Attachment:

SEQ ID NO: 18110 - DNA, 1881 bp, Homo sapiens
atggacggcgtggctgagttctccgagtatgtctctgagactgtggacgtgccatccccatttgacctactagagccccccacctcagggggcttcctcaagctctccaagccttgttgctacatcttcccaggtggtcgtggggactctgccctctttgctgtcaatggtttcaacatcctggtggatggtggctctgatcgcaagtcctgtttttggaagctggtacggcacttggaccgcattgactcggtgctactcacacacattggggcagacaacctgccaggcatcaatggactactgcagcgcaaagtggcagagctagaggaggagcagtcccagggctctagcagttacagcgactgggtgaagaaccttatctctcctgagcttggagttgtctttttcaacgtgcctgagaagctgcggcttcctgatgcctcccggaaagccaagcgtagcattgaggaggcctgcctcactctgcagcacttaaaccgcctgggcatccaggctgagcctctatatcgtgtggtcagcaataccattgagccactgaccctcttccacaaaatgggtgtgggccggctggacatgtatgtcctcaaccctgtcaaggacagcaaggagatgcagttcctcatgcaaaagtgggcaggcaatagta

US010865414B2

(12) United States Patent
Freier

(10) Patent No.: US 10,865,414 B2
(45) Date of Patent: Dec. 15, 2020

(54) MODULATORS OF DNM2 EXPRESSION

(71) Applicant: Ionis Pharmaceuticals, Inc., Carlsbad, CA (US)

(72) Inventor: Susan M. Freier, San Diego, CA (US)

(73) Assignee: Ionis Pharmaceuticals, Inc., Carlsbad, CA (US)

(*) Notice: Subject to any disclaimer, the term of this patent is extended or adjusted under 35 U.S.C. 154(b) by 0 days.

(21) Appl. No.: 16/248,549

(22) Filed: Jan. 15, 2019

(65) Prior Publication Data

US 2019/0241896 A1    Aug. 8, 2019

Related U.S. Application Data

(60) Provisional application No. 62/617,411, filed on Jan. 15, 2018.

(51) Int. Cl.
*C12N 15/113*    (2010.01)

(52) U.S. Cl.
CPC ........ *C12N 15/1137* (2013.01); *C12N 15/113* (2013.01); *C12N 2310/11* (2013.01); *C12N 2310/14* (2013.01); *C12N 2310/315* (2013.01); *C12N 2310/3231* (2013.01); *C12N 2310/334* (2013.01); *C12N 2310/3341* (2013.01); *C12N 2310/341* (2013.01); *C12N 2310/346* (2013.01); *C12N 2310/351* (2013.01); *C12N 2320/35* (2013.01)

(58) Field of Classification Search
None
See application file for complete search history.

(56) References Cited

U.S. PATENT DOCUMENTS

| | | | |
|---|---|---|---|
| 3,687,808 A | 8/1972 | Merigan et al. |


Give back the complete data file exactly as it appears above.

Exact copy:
SEQ ID NO: 18110 - DNA, 1881 bp, Homo sapiens
atggacggcgtggctgagttctccgagtatgtctctgagactgtggacgtgccatccccatttgacctactagagccccccacctcagggggcttcctcaagctctccaagccttgttgctacatcttcccaggtggtcgtggggactctgccctctttgctgtcaatggtttcaacatcctggtggatggtggctctgatcgcaagtcctgtttttggaagctggtacggcacttggaccgcattgactcggtgctactcacacacattggggcagacaacctgccaggcatcaatggactactgcagcgcaaagtggcagagctagaggaggagcagtcccagggctctagcagttacagcgactgggtgaagaaccttatctctcctgagcttggagttgtctttttcaacgtgcctgagaagctgcggcttcctgatgcctcccggaaagccaagcgtagcattgaggaggcctgcctcactctgcagcacttaaaccgcctgggcatccaggctgagcctctatatcgtgtggtcagcaataccattgagccactgaccctcttccacaaaatgggtgtgggccggctggacatgtatgtcctcaaccctgtcaaggacagcaaggagatgcagttcctcatgcaaaagtgggcaggcaatagta

US010865414B2

(12) United States Patent
Freier

(10) Patent No.: US 10,865,414 B2
(45) Date of Patent: Dec. 15, 2020

(54) MODULATORS OF DNM2 EXPRESSION

(71) Applicant: Ionis Pharmaceuticals, Inc., Carlsbad, CA (US)

(72) Inventor: Susan M. Freier, San Diego, CA (US)

(73) Assignee: Ionis Pharmaceuticals, Inc., Carlsbad, CA (US)

(*) Notice: Subject to any disclaimer, the term of this patent is extended or adjusted under 35 U.S.C. 154(b) by 0 days.

(21) Appl. No.: 16/248,549

(22) Filed: Jan. 15, 2019

(65) Prior Publication Data

US 2019/0241896 A1    Aug. 8, 2019

Related U.S. Application Data

(60) Provisional application No. 62/617,411, filed on Jan. 15, 2018.

(51) Int. Cl.
*C12N 15/113*    (2010.01)

(52) U.S. Cl.
CPC ........ *C12N 15/1137* (2013.01); *C12N 15/113* (2013.01); *C12N 2310/11* (2013.01); *C12N 2310/14* (2013.01); *C12N 2310/315* (2013.01); *C12N 2310/3231* (2013.01); *C12N 2310/334* (2013.01); *C12N 2310/3341* (2013.01); *C12N 2310/341* (2013.01); *C12N 2310/346* (2013.01); *C12N 2310/351* (2013.01); *C12N 2320/35* (2013.01)

(58) Field of Classification Search
None
See application file for complete search history.

(56) References Cited

U.S. PATENT DOCUMENTS

| | | | |
|---|---|---|---|
| 3,687,808 A | 8/1972 | Merigan et al. |